A strong majority (87%) of U.S. adults say abortion should be legal in all / some circumstances, according to a report published by The Economist and YouGov on June 22, two days before the Supreme Court issued its Dobbs v. Jackson Women’s Health decision.

Of this total, 31% say, “abortion should only be legal in special circumstances,” 30% that “abortion should be legal, but with some restrictions” and 26% that “abortion should always be legal.” Only 13% of respondents say, “abortion should be illegal. It should never be allowed.”

Around one-in-four (26%) say “abortion should never be banned” and 20% say it should always be banned after conception.

The remaining 54% were evenly divided: 17% percent support an abortion ban after six weeks, 13% after the first trimester, 12% after the second trimester and 11% after 15 weeks.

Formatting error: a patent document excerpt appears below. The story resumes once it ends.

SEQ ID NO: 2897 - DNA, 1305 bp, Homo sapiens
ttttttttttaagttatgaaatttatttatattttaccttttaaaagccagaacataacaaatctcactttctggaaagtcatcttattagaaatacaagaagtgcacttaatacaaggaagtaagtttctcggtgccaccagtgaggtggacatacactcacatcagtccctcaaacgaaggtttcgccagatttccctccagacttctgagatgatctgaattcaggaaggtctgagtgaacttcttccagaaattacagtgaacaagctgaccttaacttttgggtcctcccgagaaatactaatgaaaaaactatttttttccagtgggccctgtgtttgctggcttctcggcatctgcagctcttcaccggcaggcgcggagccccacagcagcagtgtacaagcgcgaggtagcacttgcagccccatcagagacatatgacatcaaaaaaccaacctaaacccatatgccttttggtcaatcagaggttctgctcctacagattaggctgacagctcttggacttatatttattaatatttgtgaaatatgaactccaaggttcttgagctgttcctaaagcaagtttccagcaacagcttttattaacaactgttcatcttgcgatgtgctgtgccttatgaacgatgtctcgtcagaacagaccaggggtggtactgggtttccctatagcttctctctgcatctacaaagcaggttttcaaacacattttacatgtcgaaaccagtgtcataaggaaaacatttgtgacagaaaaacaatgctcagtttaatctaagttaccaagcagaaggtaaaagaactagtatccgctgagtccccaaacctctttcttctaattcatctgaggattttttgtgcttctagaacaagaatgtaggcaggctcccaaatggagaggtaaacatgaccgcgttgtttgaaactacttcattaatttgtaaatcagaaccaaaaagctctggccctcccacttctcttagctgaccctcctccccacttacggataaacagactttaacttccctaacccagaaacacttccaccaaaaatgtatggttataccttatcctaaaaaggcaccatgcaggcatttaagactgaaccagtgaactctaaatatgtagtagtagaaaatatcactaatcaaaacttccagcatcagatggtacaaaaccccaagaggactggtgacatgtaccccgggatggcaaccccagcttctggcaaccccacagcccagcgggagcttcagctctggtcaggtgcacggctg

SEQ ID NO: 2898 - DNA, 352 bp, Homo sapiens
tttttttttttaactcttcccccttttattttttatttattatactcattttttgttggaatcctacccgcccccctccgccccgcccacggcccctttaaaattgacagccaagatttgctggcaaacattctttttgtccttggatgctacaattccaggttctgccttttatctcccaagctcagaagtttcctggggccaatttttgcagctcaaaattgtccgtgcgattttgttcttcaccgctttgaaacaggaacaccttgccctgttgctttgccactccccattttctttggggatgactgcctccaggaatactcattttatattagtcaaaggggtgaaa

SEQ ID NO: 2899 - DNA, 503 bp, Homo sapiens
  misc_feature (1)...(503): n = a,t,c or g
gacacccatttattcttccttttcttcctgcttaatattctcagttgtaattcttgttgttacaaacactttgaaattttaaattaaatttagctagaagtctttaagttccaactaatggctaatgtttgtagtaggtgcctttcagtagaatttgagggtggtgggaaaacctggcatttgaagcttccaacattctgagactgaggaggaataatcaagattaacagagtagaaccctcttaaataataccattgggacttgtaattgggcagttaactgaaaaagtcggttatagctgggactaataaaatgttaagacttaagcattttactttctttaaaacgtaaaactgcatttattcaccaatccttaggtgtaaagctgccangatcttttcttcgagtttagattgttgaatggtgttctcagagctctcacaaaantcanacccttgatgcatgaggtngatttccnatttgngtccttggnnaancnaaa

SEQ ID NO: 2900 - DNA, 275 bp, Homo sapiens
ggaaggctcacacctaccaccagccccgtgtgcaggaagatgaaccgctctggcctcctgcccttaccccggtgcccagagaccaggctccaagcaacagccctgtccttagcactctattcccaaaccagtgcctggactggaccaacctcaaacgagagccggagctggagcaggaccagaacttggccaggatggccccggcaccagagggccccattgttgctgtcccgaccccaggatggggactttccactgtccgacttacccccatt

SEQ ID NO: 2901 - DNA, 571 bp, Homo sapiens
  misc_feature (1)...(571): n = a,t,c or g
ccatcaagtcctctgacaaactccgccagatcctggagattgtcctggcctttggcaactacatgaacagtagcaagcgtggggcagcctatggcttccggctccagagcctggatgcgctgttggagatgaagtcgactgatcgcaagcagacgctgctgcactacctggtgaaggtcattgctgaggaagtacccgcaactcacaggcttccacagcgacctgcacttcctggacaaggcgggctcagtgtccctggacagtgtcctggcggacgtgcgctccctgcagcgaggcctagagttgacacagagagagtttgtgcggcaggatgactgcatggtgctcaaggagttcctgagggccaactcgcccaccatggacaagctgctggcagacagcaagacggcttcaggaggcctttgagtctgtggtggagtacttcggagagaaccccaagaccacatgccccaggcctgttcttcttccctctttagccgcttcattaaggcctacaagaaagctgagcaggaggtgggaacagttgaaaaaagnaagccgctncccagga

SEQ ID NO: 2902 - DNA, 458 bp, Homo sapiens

When presented with 10 scenarios and asked if it should “be possible for a woman to legally obtain an abortion” in such circumstances, a majority of respondents said “yes” for half of the possibilities.

Sixty-eight percent said a women should be able to obtain a legal abortion if “the woman’s life is endangered by the pregnancy.”

By comparison, 66% said abortion should be legal when “the woman became pregnant as the result of rape,” 63% when “the woman’s own health is serious endangered by the pregnancy,” 62% when “the woman became pregnant as a result of incest,” and 54% when “the baby is diagnosed with a congenital disorder resulting in little or no life expectancy.”

Only 9% of all respondents say, “A pregnant woman should never be able to obtain a legal abortion.”

A plurality (46%) of all respondents believe abortion laws should be decided at the national level, with 36% preferring that such laws be set by states and 19% were not sure. The total comes to 101% due to rounding.

The crosstab results are available here, the topline results are available here, and the overall margin of error is plus or minus 2.9%.

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